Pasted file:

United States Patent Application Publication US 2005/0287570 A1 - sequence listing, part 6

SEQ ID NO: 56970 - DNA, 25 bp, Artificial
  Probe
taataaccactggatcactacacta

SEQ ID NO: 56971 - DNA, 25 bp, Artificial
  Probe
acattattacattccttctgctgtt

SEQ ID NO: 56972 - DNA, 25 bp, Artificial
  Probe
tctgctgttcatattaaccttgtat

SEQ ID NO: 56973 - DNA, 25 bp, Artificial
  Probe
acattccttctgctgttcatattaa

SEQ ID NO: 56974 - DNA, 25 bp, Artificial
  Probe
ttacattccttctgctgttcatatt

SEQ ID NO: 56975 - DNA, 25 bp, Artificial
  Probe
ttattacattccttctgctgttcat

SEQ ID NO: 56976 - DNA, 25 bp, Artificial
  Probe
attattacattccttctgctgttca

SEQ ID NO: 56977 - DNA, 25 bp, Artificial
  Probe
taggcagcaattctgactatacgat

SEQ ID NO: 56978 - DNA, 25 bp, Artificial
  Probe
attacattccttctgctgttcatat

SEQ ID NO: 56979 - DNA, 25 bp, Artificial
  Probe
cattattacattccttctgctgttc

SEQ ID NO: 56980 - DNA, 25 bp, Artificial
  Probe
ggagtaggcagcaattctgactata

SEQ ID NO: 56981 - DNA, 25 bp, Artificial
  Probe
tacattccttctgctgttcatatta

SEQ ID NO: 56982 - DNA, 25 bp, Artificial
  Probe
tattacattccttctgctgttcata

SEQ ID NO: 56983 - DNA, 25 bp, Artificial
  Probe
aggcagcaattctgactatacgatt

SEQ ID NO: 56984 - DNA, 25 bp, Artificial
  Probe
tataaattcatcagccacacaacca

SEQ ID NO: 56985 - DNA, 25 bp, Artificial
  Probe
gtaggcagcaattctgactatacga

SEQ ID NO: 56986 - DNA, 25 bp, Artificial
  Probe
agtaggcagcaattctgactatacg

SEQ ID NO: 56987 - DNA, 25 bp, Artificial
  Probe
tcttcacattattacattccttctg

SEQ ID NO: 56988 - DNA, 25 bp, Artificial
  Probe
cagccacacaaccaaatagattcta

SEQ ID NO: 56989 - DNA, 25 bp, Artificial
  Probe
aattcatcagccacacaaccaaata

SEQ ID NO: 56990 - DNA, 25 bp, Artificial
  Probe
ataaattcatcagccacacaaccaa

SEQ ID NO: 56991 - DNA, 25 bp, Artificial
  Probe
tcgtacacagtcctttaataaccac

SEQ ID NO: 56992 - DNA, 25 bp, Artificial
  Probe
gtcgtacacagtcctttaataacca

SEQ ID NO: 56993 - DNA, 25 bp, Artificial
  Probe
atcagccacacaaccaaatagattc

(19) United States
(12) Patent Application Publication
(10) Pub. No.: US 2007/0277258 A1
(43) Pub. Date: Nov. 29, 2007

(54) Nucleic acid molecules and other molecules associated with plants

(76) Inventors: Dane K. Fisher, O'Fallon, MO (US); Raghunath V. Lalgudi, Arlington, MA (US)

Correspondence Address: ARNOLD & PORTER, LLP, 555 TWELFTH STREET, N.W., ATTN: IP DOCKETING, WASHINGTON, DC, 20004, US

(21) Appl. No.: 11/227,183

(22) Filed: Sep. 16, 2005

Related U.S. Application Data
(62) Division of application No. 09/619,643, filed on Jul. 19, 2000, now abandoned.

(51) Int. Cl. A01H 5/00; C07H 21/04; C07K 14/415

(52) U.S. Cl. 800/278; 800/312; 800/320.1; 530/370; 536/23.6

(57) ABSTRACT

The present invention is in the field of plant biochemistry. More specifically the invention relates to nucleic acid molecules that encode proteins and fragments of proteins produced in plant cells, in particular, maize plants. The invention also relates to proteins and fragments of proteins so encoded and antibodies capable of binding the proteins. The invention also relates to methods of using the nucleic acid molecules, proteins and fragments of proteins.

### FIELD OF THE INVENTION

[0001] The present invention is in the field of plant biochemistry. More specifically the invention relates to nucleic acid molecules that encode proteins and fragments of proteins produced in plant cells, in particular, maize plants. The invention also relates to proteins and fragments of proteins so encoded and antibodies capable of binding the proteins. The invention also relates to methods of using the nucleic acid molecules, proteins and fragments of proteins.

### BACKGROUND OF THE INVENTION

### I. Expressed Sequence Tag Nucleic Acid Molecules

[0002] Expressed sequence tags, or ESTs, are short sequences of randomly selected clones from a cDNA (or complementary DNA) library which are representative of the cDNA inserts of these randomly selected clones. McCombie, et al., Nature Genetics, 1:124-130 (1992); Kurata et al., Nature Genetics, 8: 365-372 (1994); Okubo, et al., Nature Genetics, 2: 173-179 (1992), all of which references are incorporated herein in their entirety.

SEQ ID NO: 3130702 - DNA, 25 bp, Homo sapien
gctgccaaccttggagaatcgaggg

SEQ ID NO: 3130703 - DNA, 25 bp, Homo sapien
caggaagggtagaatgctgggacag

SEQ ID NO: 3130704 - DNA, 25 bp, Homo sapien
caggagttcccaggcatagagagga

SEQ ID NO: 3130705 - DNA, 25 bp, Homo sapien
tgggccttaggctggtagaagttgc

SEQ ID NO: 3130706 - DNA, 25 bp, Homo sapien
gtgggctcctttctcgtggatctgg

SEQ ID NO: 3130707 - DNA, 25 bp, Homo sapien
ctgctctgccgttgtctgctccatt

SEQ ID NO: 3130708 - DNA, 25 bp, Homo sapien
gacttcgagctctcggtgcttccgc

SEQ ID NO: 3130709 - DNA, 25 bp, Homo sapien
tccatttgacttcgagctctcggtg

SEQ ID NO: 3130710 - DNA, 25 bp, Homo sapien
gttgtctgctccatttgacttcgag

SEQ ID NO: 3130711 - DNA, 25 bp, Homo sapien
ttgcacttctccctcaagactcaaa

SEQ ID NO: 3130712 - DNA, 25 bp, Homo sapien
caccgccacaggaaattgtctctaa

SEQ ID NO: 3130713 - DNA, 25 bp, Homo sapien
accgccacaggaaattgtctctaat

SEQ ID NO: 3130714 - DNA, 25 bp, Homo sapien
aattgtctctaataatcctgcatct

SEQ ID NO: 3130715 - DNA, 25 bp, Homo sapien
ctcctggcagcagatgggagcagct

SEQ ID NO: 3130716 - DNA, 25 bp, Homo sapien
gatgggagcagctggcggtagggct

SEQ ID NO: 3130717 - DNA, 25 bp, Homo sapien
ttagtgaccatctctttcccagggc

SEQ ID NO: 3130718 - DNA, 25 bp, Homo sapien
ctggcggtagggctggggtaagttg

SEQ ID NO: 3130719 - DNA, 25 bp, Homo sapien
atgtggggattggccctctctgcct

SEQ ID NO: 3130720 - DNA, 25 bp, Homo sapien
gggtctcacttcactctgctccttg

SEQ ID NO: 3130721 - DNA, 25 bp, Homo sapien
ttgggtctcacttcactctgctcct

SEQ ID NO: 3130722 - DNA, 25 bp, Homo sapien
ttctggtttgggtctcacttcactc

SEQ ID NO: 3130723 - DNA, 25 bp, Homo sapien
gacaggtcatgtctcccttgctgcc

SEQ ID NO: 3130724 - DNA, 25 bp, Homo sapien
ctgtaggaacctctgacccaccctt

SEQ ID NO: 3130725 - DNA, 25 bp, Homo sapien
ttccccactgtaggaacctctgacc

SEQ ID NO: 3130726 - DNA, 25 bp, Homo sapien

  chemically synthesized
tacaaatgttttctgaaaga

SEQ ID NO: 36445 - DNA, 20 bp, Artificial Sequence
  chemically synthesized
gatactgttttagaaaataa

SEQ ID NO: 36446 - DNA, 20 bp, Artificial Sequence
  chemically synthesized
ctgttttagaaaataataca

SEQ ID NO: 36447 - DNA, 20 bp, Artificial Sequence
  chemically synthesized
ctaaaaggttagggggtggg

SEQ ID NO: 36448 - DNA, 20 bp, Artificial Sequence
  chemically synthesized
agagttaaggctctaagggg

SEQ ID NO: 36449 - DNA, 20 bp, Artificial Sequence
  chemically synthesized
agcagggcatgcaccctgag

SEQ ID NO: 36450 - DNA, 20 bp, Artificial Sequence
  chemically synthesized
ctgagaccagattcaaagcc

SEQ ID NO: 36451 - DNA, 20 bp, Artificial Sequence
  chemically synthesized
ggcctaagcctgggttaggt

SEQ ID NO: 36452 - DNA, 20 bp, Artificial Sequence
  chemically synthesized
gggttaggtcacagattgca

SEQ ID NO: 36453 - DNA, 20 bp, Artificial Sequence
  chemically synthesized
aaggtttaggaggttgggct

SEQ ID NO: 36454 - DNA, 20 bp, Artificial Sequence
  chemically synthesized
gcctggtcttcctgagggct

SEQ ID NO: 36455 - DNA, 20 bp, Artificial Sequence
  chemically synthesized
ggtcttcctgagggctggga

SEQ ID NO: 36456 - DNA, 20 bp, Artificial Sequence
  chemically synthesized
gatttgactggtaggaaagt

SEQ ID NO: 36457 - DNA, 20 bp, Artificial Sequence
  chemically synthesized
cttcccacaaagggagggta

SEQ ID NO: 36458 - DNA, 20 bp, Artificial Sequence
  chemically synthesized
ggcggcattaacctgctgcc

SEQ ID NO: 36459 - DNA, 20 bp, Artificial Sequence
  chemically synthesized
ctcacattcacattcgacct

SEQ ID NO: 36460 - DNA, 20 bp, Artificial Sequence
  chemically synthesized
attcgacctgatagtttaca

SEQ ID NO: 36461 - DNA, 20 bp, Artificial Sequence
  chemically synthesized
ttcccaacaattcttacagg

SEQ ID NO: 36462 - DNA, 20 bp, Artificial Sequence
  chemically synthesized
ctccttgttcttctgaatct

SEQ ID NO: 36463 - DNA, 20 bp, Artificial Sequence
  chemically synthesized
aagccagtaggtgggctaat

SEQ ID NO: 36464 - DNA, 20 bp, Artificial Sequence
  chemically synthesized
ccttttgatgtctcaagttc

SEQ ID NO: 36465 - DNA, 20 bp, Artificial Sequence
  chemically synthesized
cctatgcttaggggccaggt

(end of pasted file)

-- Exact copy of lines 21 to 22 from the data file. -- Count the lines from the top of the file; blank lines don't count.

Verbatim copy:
  Probe
attattacattccttctgctgttca